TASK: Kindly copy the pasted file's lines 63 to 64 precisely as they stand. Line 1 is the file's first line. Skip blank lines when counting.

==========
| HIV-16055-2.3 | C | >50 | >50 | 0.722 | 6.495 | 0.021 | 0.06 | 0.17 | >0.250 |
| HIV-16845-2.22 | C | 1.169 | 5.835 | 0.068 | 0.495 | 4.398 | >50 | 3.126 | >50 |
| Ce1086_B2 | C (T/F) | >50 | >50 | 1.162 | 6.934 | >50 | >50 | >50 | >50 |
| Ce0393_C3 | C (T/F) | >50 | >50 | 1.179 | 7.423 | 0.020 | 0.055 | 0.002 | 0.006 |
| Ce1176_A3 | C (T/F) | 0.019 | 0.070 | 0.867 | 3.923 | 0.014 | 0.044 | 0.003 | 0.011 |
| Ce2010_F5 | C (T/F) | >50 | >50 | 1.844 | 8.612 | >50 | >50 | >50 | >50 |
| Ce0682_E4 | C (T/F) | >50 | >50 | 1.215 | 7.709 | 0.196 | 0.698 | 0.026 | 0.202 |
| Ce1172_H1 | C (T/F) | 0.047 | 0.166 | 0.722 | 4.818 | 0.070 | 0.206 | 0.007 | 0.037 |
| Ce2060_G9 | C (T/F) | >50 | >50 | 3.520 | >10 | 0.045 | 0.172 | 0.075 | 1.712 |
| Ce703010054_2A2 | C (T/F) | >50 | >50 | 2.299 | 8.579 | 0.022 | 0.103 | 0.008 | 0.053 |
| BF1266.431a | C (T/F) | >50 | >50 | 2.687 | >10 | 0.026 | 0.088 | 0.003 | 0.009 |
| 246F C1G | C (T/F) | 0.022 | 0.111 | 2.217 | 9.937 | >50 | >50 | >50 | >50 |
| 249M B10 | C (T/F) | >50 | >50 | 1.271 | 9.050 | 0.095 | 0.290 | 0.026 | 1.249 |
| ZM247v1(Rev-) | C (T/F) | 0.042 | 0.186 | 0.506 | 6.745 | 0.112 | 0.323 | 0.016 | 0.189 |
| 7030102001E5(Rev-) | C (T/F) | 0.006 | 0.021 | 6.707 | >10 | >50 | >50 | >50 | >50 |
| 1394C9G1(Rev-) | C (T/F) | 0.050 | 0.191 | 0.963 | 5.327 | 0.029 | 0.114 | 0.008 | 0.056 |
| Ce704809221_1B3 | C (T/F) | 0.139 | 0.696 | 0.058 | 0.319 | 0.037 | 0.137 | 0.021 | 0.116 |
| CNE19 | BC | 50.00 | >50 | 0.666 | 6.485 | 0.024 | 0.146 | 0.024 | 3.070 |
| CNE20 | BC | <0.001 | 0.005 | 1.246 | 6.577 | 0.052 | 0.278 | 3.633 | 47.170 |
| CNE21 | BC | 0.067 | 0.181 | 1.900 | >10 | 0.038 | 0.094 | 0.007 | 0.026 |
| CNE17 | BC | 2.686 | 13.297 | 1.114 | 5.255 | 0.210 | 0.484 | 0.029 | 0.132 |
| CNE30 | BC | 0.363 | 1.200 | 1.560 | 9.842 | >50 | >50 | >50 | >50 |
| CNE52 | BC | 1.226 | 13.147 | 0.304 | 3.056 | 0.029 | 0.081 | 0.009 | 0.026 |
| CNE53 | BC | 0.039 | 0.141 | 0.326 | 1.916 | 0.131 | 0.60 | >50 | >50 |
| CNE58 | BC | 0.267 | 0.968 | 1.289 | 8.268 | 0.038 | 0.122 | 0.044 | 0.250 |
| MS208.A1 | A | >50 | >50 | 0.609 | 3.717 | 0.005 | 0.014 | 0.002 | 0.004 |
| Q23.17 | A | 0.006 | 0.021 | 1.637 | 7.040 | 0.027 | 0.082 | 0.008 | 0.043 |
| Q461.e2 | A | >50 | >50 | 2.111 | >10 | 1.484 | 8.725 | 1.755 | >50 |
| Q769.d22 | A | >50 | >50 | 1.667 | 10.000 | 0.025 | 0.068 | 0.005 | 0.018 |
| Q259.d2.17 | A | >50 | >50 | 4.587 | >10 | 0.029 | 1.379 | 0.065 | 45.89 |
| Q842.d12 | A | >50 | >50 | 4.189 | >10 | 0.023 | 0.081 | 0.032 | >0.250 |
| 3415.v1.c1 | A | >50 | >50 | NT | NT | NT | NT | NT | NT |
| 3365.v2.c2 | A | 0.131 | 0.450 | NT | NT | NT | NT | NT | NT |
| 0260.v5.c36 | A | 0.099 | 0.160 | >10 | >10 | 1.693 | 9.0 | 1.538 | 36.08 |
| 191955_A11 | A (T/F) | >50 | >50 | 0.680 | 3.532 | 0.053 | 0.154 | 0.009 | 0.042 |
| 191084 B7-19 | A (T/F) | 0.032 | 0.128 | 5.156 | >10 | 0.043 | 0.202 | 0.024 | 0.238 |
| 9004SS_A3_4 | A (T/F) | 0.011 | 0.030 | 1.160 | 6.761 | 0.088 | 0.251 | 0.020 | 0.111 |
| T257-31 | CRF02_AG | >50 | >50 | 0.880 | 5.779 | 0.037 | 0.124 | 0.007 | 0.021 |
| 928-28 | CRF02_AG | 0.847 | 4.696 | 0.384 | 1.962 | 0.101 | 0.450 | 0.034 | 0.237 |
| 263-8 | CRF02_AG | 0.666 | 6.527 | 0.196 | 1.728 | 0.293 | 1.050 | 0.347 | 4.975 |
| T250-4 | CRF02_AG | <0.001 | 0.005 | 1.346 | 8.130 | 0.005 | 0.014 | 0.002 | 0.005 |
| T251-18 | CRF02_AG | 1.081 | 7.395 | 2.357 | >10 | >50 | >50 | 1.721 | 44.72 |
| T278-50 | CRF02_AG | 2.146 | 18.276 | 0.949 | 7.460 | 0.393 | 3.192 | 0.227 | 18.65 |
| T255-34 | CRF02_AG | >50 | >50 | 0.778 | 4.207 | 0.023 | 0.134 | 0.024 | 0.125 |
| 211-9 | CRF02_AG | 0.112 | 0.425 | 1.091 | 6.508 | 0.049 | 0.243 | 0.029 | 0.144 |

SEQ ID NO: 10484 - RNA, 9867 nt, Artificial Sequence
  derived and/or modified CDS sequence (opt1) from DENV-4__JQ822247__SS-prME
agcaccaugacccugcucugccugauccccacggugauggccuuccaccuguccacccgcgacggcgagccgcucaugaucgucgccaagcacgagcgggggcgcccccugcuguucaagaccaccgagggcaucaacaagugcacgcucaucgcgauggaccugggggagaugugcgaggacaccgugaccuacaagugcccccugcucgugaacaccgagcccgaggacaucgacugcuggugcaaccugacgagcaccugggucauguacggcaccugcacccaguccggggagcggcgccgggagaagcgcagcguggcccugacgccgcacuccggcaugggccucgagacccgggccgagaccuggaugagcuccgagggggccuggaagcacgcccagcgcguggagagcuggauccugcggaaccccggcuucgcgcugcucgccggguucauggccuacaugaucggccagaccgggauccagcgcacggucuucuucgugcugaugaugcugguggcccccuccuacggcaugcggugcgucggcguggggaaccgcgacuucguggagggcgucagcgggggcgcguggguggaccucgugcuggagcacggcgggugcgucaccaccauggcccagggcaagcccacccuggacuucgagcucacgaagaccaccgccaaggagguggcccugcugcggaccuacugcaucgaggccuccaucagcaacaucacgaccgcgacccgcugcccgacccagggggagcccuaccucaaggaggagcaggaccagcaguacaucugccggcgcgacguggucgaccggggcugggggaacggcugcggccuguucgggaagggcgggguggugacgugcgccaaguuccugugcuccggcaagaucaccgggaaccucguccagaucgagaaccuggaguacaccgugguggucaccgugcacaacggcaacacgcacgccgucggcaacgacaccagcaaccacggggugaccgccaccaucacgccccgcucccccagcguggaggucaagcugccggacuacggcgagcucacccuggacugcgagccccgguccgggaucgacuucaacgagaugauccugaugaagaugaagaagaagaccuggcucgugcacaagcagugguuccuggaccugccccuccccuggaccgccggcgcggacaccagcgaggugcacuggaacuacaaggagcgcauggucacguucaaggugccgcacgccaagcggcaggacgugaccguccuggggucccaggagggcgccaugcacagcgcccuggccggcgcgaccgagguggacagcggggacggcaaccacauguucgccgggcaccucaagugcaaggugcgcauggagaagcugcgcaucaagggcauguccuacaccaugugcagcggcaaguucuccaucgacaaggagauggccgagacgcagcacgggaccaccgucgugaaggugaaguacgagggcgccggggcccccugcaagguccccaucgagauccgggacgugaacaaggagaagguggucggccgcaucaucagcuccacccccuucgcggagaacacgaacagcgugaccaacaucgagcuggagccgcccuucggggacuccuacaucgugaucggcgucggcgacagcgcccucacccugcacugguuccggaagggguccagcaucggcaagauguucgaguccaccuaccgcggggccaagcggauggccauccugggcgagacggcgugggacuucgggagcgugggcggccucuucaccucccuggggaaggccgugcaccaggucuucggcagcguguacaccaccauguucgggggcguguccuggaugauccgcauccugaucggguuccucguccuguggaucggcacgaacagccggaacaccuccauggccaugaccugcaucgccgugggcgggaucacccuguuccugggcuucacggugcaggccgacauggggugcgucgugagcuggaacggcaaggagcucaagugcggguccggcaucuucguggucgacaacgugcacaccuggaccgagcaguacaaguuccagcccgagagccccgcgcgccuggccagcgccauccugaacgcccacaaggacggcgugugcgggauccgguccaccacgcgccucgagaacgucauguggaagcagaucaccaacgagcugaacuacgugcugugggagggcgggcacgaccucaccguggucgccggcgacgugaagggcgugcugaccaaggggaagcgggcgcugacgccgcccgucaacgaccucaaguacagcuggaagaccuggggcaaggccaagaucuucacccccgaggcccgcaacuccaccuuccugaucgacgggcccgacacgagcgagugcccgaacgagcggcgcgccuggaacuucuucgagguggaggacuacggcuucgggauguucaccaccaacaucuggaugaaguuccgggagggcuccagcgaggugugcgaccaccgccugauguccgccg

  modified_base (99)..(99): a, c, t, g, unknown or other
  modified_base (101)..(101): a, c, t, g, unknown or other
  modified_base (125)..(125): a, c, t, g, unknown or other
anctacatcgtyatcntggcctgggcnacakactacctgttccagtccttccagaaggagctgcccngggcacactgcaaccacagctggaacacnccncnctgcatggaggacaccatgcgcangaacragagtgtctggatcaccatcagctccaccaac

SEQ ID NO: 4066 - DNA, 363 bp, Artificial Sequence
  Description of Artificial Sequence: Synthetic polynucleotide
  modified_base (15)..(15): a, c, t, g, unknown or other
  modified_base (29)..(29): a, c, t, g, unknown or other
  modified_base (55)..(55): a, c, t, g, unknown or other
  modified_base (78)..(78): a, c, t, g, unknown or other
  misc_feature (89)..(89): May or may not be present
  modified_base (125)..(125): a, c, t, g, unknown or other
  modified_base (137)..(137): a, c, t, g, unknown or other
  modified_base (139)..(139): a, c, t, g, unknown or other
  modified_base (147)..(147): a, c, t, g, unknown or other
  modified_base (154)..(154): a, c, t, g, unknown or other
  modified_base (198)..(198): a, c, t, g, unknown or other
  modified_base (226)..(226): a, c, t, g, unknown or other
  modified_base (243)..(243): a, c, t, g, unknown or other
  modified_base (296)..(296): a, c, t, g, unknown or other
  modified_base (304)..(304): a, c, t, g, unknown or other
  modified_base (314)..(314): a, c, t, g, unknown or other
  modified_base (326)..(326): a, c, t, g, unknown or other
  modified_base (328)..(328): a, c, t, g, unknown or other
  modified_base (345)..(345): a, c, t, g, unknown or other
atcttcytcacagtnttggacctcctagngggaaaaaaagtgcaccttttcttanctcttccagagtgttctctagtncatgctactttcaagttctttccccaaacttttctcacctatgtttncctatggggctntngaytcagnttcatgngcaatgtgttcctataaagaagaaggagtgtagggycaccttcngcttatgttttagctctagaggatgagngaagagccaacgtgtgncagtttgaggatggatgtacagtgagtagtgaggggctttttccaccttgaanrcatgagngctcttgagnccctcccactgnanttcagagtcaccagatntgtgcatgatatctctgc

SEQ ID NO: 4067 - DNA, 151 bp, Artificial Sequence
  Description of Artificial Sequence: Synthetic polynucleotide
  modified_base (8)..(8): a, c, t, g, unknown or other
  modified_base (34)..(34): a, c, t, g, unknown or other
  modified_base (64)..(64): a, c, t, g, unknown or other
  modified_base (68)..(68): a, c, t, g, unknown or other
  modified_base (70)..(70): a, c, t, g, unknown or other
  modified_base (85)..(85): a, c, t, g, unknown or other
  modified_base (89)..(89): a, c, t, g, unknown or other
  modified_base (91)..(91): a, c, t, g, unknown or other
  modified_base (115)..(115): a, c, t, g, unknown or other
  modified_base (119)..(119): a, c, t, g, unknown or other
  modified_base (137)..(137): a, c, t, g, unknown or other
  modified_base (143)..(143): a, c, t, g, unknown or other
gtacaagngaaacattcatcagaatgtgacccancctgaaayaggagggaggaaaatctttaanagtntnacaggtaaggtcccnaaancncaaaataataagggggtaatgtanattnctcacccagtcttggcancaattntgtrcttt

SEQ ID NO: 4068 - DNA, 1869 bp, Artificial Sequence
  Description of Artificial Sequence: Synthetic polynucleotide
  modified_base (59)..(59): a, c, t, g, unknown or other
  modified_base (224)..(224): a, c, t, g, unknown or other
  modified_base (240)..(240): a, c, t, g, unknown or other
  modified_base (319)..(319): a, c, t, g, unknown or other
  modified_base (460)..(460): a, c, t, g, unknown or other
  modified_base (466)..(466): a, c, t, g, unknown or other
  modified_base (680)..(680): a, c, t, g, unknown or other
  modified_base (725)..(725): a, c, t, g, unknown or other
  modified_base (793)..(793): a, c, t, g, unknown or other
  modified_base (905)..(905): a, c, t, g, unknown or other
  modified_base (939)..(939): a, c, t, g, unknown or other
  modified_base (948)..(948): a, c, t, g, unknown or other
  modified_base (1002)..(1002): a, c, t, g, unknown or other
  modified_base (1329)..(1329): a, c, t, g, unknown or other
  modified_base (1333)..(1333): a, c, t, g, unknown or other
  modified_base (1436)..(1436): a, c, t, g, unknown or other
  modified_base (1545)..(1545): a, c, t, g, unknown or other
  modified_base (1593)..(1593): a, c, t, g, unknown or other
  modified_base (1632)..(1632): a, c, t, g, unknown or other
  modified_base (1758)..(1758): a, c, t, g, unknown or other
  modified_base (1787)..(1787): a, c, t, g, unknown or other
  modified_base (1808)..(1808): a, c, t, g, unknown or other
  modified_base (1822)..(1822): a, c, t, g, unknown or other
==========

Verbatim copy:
  modified_base (147)..(147): a, c, t, g, unknown or other
  modified_base (154)..(154): a, c, t, g, unknown or other